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Act 2 opens with a wonderfully dark and atmospheric prelude from Barenboim and the orchestra. This Act has moments of what can be pure comedy, but here, even when Siegfried is attempting to play his reed pipe, the audience never laughs, which is either a comment on the nature of Kupfer's staging or says something about the audience at Bayreuth. Perhaps the closest that the set comes to comedy is Alberich and Mime's encounter after Siegfried has killed Fafner; this has a grim liveliness which approaches the comedy that surely Wagner intended.

Günter von Kannen's Alberich is familiar from Das Rheingold and his dialogue with the Wanderer before Fafner's cave is dramatically involving even if he is not quite an ideal Alberich in sound.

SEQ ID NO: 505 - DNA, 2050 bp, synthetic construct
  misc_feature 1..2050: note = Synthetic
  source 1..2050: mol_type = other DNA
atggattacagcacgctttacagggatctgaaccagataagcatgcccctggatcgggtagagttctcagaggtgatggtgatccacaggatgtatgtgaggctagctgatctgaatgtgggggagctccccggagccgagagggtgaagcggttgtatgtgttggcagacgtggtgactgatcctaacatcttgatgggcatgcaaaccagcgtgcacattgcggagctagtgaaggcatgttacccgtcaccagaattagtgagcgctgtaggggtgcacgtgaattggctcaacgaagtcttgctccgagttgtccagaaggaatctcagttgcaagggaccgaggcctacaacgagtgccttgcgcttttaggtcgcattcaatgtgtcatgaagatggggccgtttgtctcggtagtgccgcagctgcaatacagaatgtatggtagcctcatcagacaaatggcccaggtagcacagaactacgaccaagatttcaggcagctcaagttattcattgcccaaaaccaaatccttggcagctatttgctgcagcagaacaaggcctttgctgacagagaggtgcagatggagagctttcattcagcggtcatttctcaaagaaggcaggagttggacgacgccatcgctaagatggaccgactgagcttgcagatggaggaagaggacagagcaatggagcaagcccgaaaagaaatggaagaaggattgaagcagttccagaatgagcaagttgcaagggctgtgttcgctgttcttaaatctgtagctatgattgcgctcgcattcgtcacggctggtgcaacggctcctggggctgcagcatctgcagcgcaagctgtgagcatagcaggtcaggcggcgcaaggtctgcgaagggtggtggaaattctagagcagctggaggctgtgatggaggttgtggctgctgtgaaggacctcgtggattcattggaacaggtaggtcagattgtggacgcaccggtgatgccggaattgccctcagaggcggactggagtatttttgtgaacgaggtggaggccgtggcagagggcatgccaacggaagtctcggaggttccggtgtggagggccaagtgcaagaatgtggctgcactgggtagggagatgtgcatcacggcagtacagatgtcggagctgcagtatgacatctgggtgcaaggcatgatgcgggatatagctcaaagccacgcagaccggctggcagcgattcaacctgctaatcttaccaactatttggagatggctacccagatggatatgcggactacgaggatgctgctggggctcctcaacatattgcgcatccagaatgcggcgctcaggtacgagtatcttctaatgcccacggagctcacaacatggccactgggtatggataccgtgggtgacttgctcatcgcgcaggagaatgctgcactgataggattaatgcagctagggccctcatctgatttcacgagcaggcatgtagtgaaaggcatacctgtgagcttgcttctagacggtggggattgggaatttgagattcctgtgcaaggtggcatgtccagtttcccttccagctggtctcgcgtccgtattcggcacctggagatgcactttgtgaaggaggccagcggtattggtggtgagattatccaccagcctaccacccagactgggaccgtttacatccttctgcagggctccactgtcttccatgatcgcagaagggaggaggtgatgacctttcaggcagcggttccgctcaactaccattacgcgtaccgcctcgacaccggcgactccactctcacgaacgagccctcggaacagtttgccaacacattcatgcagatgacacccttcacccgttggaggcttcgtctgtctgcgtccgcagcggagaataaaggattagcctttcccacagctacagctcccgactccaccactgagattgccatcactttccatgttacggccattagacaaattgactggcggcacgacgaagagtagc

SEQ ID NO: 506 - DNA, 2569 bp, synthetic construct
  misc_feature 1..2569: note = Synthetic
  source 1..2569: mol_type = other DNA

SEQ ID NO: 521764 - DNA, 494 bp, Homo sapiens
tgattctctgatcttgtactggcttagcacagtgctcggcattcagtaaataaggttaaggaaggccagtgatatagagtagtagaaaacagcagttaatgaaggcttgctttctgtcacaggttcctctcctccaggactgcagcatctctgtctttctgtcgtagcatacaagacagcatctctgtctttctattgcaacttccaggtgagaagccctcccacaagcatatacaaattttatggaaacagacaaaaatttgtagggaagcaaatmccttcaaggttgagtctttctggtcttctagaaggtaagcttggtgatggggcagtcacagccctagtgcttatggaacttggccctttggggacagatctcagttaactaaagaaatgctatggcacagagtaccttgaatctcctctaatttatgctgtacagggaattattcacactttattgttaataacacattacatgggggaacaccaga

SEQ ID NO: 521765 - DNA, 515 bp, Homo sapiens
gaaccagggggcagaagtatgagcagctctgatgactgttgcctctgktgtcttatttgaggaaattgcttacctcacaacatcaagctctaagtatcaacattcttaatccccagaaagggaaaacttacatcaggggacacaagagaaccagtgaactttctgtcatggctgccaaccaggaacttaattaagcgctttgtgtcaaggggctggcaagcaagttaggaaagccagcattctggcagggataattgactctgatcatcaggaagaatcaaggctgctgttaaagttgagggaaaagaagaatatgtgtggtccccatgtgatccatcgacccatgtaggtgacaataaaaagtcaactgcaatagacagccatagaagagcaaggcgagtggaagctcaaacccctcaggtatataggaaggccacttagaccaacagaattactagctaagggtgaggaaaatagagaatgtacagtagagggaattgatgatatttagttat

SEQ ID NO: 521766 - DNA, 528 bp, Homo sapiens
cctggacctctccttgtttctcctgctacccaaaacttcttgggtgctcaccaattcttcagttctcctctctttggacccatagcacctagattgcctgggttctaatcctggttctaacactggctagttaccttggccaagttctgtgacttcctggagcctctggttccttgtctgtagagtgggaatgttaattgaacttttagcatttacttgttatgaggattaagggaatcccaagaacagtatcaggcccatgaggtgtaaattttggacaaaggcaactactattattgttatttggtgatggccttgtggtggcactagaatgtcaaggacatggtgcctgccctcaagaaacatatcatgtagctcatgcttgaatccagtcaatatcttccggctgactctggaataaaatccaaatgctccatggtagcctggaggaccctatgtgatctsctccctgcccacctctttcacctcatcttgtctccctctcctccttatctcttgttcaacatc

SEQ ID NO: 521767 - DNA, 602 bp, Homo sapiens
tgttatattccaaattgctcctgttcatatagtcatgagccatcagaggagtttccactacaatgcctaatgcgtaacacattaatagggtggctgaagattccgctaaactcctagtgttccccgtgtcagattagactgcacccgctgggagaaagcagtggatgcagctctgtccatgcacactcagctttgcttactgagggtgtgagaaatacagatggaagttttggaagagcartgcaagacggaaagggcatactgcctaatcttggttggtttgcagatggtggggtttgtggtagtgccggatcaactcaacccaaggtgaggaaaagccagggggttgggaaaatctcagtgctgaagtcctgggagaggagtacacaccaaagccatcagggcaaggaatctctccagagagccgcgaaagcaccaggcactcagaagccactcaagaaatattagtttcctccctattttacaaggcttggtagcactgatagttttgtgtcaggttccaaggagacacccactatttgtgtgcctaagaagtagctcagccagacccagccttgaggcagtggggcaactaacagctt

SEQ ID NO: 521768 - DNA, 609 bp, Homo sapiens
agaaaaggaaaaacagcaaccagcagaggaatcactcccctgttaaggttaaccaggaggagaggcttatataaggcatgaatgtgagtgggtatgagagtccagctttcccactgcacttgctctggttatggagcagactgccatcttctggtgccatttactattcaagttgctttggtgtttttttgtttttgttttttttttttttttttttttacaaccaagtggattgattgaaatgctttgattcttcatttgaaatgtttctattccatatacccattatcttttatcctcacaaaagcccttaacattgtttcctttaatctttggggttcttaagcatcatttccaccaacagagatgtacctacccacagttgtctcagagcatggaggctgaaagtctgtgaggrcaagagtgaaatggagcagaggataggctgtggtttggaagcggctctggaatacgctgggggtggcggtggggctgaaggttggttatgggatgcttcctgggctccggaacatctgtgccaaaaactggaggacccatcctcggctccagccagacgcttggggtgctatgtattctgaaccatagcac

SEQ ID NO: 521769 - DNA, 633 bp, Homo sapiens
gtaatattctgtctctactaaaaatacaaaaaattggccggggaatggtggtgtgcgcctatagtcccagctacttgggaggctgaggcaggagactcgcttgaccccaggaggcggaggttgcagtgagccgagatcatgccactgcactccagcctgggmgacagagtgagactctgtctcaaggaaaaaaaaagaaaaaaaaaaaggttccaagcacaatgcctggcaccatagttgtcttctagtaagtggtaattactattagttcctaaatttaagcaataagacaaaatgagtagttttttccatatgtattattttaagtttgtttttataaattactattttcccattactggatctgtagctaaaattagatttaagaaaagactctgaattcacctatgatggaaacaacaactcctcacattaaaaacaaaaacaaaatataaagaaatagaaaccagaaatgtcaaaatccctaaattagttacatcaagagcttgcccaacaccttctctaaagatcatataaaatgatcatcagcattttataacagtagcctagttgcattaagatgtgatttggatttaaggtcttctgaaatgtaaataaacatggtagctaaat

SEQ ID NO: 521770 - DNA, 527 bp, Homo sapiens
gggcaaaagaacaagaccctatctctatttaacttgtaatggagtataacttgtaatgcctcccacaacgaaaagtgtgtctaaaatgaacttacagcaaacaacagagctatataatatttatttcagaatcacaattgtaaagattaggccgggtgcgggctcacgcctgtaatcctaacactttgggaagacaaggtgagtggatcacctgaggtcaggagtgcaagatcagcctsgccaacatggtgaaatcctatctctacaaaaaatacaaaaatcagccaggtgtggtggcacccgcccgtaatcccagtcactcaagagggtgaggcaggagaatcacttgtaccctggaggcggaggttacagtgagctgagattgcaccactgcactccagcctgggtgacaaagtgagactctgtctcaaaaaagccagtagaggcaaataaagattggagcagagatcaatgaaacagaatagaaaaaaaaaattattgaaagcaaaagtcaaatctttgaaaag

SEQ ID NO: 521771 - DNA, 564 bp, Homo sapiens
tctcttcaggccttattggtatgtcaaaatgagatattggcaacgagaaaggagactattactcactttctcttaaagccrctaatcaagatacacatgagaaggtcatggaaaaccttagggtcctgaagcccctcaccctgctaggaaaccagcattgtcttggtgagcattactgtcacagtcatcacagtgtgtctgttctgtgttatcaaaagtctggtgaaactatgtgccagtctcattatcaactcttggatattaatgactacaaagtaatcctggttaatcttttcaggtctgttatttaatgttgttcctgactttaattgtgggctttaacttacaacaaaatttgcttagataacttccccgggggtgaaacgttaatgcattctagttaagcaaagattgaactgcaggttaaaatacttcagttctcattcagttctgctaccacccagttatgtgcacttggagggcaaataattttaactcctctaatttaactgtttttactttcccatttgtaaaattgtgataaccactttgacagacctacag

Jerusalem's Siegfried grows up during this Act. He makes the awkward Forest murmurs scene reasonably convincing and his killing of Fafner (Philip Kang in fine voice) only lacks some stunning visuals. By the end of the Act, when he kills Mime and goes off to seek Brünnhilde, you feel he is a maturer person [listen -- CD9, track 10, 0:00-1:10]. My only reservation is the amount of caricature which at times seems to creep into Graham Clark's Mime; if he had adopted a less-is-more approach, he would have been a very fine Mime indeed [listen -- CD7 track 22, 0:00-1:03].

Act 3 opens of course with Wotan's dramatic encounter with Erda. It was good to return to Brigitta Svenden's firm voiced Erda and she helped point up Wotan's desperation in this scene [listen -- CD9 track 14, 0:00-1:37]. Tomlinson sounds a little tired, at this point, but that is hardly surprising and he is never less than impressive.

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Copyright © 8 August 2005 Robert Hugill, Strasbourg, France


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